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Supply Chain News: Can President Trump Really Order US Companies from Sourcing from China?

 


It Seems Largely Yes, through Indirect Means

 

Aug. 28, 2019
SCDigest Editorial Staff

In a new and somewhat bizarre twist in the on-going trade war with China, President Donald Trump used Twitter last week to say he "hereby ordered" US companies to stop doing business in China.

Does he have the legal authority to do that?

Supply Chain Digest Says...

But under the law he cited, Trump can prevent future transfers of funds to China.

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There are actually a number of opinions on that, from Yes to No to Maybe.

A report on CBS News is one that says the answer is probably Yes.

That's because he International Emergency Economic Powers Act (IEEPA), a more than 40-year-old law Trump later cited as giving him the authority to potentially make such an order, does in fact give the executive branch broad powers that could make it difficult for US companies to operate in China.

IEEPA was signed into law in 1977 and authorizes the president - after he or she first declares a national emergency - to "investigate, regulate or prohibit" a range of activities by US companies engaged in global commerce.

Those include, CBS says, foreign exchange transactions, banking payments or transfers, and the import or export of foreign currency and securities. So while Trump cannot directly order US companies out of China, he could do so indirectly by cutting off financial flows.

The law was actually first used in 1979 by President Jimmy Carter to impose sanctions on the Iranian government during the Iran hostage crisis.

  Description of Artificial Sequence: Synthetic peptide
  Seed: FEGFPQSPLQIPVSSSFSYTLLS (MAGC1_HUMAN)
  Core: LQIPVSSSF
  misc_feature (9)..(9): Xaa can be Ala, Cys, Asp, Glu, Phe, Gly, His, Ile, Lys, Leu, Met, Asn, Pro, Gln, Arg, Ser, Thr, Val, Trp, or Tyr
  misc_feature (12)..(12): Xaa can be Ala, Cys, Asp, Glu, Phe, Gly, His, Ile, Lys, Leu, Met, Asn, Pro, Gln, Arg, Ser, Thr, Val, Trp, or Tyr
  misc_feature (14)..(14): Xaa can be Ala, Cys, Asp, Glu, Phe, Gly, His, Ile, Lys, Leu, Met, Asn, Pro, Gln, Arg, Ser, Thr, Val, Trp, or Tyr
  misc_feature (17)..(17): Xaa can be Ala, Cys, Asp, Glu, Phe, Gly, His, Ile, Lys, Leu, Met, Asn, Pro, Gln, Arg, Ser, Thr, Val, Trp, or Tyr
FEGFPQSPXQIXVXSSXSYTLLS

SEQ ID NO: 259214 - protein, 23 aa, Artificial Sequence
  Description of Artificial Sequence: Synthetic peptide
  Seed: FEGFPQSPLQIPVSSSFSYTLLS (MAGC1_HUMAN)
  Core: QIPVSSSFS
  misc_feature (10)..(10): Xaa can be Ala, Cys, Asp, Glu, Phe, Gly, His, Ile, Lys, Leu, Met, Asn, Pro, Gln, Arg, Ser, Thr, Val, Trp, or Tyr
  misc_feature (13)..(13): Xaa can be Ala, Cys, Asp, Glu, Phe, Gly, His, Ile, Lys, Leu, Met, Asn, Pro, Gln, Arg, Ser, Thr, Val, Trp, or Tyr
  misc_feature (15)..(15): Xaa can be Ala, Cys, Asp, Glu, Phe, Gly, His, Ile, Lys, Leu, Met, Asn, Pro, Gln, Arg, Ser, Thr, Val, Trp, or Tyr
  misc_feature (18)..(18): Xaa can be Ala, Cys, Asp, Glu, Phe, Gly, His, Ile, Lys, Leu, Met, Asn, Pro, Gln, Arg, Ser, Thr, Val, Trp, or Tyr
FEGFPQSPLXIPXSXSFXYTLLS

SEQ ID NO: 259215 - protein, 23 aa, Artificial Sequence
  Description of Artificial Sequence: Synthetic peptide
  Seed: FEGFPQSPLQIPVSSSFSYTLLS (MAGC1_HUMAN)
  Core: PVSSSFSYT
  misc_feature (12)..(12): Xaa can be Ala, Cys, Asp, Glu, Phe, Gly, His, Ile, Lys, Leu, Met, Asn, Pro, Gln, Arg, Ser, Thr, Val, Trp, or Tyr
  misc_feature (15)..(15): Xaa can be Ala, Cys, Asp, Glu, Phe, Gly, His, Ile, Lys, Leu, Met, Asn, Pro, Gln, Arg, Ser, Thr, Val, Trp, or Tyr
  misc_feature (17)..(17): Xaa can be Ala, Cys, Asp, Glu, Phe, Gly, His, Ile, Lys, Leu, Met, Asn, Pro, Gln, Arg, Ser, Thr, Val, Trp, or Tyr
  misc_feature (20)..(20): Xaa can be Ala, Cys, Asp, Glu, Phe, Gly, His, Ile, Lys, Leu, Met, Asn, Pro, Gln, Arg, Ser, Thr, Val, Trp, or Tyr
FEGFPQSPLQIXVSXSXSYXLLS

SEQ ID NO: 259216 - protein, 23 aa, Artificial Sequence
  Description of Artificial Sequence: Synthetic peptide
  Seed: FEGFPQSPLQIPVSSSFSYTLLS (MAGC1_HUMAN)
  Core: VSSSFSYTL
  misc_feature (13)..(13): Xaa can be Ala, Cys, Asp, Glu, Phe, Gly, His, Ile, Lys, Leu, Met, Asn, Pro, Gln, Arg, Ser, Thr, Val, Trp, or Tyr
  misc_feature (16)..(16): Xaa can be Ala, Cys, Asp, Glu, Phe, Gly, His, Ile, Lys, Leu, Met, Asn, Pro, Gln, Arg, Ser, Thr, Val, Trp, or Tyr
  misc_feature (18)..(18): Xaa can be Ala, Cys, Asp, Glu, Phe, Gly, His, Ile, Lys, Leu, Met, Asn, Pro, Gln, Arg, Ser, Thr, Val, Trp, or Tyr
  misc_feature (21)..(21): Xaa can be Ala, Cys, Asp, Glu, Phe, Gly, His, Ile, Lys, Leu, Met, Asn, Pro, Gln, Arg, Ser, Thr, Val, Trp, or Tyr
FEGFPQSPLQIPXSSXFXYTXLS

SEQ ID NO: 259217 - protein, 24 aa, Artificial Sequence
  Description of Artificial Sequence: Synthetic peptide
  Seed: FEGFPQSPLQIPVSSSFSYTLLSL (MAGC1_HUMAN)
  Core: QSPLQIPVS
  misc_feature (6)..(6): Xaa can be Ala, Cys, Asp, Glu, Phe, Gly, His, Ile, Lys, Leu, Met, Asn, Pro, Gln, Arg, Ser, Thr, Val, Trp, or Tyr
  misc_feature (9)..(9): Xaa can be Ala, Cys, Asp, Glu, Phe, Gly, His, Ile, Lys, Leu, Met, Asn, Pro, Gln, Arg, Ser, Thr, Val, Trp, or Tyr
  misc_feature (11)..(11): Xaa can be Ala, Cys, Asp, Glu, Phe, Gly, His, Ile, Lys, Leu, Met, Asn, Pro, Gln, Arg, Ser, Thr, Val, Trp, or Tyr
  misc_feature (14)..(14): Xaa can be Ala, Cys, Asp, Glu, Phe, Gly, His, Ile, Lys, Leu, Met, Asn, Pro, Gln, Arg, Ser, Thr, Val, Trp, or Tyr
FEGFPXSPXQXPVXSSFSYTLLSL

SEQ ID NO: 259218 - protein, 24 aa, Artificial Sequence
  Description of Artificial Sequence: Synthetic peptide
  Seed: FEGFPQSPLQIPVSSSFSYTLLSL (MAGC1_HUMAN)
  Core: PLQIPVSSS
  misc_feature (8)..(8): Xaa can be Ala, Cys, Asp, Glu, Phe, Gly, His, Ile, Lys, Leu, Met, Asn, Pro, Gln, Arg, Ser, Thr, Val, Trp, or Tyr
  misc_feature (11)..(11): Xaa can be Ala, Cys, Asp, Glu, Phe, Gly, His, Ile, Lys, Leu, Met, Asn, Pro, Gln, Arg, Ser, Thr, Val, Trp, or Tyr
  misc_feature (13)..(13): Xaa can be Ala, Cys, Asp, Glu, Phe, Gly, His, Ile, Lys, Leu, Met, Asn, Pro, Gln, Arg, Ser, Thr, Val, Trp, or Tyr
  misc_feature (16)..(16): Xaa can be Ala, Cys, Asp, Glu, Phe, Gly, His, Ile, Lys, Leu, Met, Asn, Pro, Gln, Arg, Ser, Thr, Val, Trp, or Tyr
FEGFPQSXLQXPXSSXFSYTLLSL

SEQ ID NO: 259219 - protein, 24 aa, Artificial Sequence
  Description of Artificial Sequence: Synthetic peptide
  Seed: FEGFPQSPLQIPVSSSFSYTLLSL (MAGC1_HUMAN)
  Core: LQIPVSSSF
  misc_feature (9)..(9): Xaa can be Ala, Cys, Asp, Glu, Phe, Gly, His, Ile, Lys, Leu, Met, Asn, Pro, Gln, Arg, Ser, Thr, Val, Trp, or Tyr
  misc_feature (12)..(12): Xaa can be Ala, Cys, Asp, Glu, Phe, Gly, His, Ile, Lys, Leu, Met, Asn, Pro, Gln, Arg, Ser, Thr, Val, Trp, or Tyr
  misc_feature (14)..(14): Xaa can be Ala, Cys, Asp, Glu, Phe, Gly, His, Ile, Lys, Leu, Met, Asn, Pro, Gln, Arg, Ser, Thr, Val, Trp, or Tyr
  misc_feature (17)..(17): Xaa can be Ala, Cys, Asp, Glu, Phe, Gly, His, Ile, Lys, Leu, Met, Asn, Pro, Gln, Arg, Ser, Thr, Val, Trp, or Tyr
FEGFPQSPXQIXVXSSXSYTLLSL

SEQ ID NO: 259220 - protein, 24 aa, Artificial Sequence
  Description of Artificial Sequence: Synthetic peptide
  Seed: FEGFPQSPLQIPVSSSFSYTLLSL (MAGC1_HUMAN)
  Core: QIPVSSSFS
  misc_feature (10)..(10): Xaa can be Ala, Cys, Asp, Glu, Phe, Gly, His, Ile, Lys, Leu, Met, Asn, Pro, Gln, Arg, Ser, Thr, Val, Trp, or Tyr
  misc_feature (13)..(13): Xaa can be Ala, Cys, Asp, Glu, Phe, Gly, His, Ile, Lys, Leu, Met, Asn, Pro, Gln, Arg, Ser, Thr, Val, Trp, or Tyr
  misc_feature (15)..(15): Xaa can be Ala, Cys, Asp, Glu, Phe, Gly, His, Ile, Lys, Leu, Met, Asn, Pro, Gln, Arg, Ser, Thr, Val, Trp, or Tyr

IEEPA is "an extraordinarily broad and open-ended delegation from Congress to the president," Jack Goldsmith, a Harvard Law School professor and Hoover Institute fellow, said in a tweet. As of earlier this year, US presidents have in fact invoked the act more than 50 times since its initial passage, according to the Congressional Research Service.

And Trump already had invoked IEEPA to place restrictions on US companies doing business with Chinese technology company Huawei.

He also briefly threatened to use the law to apply new tariffs on Mexico to force it to step up measures to reduce migrants coming to the US. But use as a weapon in a trade war would be a whole new application.

Trump's threat to block US companies from doing business in China "would face no effective legal barrier," Height Securities analyst Clayton Allen said in a research note. The White House could also expect backing from the courts, which have tended to uphold even broad exercises of power under IEEPA, Goldsmith said in another tweet.


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The White House has subsequently toned down Trump's threatened order that US companies cut ties with China after strong pushback from US businesses.

But Trump could dust off the power again if the trade war drags on.

"So in theory that law exists, but that's not what the president said. He is asking American companies to take a look, take a fresh look at frankly moving out of China, go in someplace else," Larry Kudlow, White House economic adviser, told Margaret Brennan Sunday on CBS' "Face the Nation."

A slightly different view comes from the Washington Post, which finds Trump does not have the authority to "duly order" companies to leave China, according to Jennifer Hillman, a Georgetown University law professor and trade expert at the Council on Foreign Relations.

But under the law he cited, Trump can prevent future transfers of funds to China, she said. First, he would have to make "a lawful declaration that a national emergency exists," she said.

However, Congress could then terminate the declaration if it wishes.

"Moreover, even if all this happened, it would not provide authority over all of the US investments that have already been made in China," Hillman said.

So in the end it appears Trump could force US companies from China, but through a process, not a tweet.


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